Ansible modules are designed to be idempotent. This means that in a properly written playbook, the playbook and its tasks can be run multiple times without changing the managed host unless they need to make a change to get the managed host to the desired state. However, sometimes when a task does make a change to the system, a further task may need to be run. For example, a change to a service’s configuration file may then require that the service be reloaded so that the changed configuration takes effect.
Handlers are tasks that respond to a notification triggered by other tasks. Tasks only notify their handlers when the task changes something on a managed host. Each handler has a globally unique name and is triggered at the end of a block of tasks in a playbook. If no task notifies the handler by name then the handler will not run. If one or more tasks notify the handler, the handler will run exactly once after all other tasks in the play have completed. Because handlers are tasks, administrators can use the same modules in handlers that they would use for any other task. Normally, handlers are used to reboot hosts and restart services.
Handlers can be considered as inactive tasks that only get triggered when explicitly invoked using a notify statement. The following snippet shows how the Apache server is only restarted by the restart apache handler when a configuration file is updated and notifies it:
1. The task that notifies the handler.
2. The notify statement indicates the task needs to trigger a handler. The name of the handler to run.
3. The handlers keyword indicates the start of the list of handler tasks.
4. The name of the handler invoked by tasks.
5. The module to use for the handler.
In the previous example, the restart apache handler triggers when notified by the template task that a change happened. A task may call more than one handler in its notify section. Ansible treats the notify statement as an array and iterates over the handler names:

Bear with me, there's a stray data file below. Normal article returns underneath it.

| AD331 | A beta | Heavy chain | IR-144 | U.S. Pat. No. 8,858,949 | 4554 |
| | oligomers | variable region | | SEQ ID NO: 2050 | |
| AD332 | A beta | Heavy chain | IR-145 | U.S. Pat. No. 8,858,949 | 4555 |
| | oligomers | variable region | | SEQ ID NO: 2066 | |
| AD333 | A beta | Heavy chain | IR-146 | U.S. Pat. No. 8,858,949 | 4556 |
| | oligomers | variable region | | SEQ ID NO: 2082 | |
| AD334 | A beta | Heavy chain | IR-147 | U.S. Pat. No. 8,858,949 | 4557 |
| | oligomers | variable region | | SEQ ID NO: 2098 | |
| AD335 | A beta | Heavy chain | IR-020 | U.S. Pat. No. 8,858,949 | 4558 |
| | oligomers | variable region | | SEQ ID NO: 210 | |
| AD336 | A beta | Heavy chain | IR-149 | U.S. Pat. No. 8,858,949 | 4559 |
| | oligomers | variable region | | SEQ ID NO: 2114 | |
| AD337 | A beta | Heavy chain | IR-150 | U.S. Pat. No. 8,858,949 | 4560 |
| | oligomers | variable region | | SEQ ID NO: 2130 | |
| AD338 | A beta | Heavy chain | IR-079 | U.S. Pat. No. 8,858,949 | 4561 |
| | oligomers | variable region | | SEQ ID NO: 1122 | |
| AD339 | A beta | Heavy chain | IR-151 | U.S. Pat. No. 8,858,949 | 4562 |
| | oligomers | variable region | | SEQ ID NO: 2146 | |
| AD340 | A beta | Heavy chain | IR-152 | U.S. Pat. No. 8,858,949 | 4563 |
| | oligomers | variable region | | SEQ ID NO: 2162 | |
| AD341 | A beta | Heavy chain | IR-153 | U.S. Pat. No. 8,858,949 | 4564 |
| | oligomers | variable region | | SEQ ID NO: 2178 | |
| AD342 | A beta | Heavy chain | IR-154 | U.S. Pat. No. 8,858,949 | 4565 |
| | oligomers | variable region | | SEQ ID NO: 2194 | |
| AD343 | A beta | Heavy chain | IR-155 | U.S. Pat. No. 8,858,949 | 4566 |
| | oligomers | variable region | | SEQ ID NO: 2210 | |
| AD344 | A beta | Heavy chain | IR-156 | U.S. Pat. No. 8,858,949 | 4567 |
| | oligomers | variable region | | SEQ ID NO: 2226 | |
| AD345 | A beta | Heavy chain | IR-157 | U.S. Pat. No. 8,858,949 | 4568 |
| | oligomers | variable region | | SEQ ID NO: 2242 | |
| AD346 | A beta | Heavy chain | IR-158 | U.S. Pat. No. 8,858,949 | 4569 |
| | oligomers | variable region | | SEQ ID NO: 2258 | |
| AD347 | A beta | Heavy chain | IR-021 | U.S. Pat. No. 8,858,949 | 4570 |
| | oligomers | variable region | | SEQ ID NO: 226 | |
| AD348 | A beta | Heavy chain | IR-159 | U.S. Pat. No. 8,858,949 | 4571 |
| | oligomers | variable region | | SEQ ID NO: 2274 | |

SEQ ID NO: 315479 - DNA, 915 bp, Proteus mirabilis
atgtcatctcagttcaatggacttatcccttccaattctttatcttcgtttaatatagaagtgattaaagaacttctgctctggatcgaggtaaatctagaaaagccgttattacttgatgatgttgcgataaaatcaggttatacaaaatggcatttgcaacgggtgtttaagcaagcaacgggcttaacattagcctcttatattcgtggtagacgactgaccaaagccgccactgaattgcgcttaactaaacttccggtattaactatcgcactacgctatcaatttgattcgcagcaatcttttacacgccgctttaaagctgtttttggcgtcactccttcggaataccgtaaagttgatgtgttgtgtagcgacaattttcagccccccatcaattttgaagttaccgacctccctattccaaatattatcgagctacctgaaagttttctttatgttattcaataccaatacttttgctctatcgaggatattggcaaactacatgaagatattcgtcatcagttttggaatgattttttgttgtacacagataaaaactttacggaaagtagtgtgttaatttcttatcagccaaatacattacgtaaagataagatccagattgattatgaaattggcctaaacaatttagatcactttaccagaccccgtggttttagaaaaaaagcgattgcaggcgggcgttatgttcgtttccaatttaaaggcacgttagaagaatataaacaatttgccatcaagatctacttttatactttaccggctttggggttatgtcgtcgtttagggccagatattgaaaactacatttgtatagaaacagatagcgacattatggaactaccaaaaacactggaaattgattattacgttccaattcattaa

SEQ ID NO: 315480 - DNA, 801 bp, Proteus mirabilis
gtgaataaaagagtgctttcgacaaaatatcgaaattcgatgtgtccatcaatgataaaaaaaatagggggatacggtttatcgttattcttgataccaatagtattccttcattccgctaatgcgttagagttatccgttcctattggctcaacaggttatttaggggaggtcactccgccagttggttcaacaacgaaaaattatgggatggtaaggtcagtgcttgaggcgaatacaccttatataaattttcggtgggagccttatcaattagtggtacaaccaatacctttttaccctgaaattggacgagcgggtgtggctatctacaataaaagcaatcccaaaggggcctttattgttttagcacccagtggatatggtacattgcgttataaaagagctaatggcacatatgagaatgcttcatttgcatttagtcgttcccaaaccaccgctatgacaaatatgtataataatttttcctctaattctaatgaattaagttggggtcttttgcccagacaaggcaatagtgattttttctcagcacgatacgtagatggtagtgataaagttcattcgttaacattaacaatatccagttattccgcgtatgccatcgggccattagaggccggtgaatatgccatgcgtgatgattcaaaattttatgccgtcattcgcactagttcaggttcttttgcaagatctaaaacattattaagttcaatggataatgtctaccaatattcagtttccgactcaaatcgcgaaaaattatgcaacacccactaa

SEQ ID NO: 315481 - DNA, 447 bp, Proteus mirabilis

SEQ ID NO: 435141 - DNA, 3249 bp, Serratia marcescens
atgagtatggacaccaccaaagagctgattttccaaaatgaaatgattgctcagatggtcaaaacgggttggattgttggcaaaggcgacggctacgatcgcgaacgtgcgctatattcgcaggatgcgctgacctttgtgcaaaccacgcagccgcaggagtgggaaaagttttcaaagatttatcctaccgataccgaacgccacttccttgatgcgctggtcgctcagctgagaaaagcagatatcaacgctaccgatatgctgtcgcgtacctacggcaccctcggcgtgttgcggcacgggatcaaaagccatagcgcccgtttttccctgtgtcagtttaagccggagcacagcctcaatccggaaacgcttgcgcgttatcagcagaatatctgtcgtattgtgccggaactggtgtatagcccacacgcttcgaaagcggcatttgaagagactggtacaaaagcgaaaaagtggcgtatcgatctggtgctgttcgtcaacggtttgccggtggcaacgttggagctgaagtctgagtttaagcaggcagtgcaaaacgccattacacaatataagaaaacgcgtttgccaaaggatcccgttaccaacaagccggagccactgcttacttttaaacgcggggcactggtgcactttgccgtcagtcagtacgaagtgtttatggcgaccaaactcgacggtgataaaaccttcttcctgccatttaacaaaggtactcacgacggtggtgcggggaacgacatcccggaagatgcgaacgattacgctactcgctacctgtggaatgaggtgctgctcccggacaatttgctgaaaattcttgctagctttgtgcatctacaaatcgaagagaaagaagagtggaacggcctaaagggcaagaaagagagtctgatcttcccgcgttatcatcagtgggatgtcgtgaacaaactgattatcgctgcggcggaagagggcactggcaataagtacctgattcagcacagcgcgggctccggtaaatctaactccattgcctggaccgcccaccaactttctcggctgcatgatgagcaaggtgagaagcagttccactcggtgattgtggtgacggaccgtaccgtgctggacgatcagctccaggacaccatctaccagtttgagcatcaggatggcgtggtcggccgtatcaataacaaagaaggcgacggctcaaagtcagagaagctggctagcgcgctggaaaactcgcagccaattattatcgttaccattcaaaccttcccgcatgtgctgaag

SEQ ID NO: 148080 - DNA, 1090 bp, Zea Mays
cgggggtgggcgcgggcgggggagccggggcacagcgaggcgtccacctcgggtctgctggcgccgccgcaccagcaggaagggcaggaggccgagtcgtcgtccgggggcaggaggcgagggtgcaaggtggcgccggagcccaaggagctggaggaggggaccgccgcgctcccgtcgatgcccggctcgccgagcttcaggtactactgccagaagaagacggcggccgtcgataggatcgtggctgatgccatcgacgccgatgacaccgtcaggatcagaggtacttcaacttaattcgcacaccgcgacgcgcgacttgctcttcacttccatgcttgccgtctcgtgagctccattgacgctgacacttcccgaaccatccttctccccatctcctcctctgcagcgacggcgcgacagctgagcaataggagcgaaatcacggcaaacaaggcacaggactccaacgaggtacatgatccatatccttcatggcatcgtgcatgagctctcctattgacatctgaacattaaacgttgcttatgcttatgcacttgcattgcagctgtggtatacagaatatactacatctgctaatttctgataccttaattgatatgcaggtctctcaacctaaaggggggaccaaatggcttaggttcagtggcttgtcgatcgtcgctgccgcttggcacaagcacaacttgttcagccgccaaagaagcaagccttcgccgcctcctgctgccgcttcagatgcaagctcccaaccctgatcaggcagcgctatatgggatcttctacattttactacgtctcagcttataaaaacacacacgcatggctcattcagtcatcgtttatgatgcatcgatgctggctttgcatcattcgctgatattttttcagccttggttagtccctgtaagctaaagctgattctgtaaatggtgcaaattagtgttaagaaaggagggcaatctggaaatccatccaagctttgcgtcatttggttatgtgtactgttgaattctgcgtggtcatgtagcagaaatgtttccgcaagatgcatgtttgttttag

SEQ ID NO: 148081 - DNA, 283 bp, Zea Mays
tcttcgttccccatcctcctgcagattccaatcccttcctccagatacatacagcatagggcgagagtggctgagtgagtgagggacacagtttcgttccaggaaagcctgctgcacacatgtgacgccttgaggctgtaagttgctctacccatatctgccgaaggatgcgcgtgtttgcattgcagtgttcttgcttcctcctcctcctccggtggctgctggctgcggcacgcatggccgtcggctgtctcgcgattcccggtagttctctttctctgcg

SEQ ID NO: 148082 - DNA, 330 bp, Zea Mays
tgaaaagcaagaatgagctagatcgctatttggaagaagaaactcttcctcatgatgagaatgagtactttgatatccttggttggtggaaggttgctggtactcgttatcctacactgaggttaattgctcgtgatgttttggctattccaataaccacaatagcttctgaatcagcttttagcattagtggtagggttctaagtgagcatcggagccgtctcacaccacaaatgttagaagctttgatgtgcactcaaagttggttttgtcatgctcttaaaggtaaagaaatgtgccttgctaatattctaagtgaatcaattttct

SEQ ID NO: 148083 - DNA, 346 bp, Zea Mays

tasks: - name: copy demo.example.conf configuration template template: src: /var/lib/templates/demo.example.conf.template dest: /etc/httpd/conf.d/demo.example.conf notify: - restart mysql - restart apache handlers: - name: restart mysql service: name: mariadb state: restarted - name: restart apache service: name: httpd state: restarted
Benefits of Using Handlers
As discussed in the Ansible documentation, there are some important things to remember about using handlers:
- Handlers always run in the order specified by the handlers section of the play. They do not run in the order in which they are listed by notify statements in a task, or in the order in which tasks notify them.
- Handlers normally run after all other tasks in the play complete. A handler called by a task in the tasks part of the playbook will not run until all tasks under tasks have been processed. (There are some minor exceptions to this.)
- Handler names exist in a per-play namespace. If two handlers are incorrectly given the same name, only one will run.
- Even if more than one task notifies a handler, the handler only runs once. If no tasks notify it, a handler will not run.
- If a task that includes a notify statement does not report a changed result (for example, a package is already installed and the task reports ok), the handler is not notified. The handler is skipped unless another task notifies it. Ansible notifies handlers only if the task reports the changed status.